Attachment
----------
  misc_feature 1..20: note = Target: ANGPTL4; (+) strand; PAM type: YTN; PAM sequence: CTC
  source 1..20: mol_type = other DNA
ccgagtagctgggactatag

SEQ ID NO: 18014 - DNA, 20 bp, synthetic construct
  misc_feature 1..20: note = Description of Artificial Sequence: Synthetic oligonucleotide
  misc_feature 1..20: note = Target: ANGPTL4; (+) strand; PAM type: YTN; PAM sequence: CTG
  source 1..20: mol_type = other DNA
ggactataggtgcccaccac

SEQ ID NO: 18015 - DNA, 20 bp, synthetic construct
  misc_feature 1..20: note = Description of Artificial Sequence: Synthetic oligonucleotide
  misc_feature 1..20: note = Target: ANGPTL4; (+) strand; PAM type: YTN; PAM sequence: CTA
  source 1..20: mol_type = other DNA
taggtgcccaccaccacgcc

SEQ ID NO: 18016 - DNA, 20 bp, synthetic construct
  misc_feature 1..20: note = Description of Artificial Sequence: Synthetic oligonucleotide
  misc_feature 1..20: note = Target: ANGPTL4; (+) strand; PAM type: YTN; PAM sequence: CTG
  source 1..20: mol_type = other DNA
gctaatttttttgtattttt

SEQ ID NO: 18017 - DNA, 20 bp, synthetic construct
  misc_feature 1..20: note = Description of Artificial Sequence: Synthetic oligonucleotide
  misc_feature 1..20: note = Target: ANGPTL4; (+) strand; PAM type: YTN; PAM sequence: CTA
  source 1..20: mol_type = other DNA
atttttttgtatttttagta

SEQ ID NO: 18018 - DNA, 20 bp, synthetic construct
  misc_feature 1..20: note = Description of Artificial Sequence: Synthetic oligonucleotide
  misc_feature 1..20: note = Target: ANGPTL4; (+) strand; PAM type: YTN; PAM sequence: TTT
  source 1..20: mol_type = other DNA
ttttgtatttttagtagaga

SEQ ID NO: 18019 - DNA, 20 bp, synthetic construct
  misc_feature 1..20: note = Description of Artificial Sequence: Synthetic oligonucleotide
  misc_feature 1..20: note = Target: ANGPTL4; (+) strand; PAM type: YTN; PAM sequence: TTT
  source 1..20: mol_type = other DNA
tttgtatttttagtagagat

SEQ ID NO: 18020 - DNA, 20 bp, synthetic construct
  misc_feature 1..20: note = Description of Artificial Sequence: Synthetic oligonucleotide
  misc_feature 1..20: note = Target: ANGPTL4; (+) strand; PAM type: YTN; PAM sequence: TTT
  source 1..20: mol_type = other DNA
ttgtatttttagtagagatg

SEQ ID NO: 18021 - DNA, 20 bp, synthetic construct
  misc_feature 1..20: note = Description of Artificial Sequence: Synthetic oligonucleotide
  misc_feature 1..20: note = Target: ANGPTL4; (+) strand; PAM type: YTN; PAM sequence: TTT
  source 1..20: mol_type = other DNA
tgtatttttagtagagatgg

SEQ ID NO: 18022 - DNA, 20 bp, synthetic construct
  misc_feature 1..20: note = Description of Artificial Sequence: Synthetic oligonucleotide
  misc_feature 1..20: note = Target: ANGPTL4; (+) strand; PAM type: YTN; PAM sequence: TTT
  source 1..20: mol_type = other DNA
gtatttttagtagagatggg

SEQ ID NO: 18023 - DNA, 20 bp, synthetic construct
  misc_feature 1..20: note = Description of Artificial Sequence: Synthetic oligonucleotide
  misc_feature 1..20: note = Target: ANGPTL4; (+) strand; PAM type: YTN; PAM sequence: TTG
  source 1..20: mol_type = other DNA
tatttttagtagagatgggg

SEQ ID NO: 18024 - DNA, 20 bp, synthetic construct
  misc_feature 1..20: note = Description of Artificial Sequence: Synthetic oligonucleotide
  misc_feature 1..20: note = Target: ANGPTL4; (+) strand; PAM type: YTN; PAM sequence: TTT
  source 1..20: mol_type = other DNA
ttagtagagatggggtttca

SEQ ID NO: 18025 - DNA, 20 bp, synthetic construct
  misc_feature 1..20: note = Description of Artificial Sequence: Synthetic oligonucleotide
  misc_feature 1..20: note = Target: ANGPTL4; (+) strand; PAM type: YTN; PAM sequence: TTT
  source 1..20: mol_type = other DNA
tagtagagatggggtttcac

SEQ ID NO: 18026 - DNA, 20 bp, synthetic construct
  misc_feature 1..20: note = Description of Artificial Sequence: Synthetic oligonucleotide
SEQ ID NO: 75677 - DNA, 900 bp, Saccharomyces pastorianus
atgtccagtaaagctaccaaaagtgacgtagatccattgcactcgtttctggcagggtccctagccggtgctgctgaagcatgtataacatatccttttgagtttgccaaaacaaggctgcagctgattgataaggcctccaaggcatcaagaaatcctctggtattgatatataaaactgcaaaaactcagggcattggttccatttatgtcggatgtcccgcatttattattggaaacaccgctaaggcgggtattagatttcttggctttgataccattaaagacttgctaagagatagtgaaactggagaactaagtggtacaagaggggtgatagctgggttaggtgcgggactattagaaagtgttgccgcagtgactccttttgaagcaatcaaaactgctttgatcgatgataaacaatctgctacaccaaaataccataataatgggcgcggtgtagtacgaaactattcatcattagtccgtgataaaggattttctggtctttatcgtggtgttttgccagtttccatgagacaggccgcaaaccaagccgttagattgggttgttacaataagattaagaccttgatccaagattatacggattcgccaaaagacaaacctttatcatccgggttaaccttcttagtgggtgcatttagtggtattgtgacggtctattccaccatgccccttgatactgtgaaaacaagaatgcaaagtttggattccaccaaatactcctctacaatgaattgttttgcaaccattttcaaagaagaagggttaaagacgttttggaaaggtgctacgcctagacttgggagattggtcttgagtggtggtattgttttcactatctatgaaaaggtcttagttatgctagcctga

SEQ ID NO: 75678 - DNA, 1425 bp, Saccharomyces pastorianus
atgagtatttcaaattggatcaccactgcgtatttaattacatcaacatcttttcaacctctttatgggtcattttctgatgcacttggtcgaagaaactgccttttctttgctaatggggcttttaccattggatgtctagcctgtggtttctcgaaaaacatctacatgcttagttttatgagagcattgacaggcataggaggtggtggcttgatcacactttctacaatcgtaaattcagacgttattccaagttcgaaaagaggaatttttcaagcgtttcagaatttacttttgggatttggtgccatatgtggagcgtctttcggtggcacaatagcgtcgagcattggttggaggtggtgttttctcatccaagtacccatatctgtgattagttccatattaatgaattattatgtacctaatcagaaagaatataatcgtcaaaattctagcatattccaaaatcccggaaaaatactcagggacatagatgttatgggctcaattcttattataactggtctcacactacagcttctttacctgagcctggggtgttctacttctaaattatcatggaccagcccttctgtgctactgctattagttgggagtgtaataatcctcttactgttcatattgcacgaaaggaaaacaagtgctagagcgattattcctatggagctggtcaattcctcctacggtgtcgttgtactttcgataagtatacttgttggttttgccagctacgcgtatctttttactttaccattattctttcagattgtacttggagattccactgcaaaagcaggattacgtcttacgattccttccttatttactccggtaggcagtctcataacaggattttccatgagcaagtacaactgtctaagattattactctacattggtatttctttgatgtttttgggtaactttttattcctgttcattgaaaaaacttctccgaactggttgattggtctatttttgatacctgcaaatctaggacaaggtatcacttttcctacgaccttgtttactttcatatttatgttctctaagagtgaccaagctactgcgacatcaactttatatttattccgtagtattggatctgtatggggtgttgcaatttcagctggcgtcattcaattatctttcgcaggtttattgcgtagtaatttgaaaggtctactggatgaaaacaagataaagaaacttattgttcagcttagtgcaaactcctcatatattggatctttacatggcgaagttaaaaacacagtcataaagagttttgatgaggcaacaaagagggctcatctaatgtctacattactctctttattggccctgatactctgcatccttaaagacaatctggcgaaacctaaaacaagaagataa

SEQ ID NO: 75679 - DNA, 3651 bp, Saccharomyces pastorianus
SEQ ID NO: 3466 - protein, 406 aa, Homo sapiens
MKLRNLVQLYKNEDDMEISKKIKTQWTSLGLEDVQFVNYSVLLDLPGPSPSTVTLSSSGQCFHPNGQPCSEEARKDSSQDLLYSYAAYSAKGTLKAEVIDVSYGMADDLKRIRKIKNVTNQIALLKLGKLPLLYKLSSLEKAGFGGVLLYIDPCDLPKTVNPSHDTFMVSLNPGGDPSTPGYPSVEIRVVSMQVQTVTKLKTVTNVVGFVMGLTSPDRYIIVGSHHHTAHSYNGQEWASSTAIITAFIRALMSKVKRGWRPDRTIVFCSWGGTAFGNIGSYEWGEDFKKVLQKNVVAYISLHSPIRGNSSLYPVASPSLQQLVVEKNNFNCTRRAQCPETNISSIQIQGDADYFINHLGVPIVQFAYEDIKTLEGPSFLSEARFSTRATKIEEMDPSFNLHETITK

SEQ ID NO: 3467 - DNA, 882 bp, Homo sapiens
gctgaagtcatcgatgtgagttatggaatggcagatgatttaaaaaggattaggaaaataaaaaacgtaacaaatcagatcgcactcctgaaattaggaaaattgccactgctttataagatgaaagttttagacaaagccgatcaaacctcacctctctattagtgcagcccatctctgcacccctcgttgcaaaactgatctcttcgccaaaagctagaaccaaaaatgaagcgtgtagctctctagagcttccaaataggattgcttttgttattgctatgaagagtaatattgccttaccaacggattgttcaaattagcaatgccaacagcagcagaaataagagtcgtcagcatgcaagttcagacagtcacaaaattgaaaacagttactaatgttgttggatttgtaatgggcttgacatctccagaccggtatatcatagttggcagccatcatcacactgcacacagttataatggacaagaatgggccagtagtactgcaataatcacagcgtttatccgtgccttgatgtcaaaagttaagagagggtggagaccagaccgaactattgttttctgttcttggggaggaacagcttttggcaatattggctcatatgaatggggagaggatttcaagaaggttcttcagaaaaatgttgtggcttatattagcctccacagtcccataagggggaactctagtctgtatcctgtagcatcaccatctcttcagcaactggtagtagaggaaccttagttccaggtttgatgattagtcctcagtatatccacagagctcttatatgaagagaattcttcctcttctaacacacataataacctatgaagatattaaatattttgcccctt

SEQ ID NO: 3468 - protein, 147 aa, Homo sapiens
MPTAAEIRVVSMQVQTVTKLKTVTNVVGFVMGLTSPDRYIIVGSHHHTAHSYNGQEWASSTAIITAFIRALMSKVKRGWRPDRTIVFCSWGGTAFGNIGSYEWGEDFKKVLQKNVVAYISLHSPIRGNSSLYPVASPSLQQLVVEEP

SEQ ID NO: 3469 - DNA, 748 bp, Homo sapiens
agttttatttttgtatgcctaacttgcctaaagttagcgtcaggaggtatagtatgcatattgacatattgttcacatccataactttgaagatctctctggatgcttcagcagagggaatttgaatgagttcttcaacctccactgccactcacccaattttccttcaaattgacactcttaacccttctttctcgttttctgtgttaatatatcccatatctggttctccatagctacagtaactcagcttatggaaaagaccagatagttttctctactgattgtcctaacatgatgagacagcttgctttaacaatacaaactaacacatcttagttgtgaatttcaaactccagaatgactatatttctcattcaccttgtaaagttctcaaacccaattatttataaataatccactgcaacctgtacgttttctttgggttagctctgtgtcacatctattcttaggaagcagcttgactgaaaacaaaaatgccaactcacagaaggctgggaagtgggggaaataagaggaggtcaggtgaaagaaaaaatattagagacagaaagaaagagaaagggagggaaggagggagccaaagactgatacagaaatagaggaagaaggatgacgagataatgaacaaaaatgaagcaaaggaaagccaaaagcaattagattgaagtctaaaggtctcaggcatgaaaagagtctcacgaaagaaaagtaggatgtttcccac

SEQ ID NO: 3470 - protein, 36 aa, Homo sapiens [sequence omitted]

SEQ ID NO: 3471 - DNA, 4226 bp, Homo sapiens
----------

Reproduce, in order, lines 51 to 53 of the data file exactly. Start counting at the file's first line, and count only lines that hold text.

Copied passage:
  misc_feature 1..20: note = Target: ANGPTL4; (+) strand; PAM type: YTN; PAM sequence: TTG
  source 1..20: mol_type = other DNA
tatttttagtagagatgggg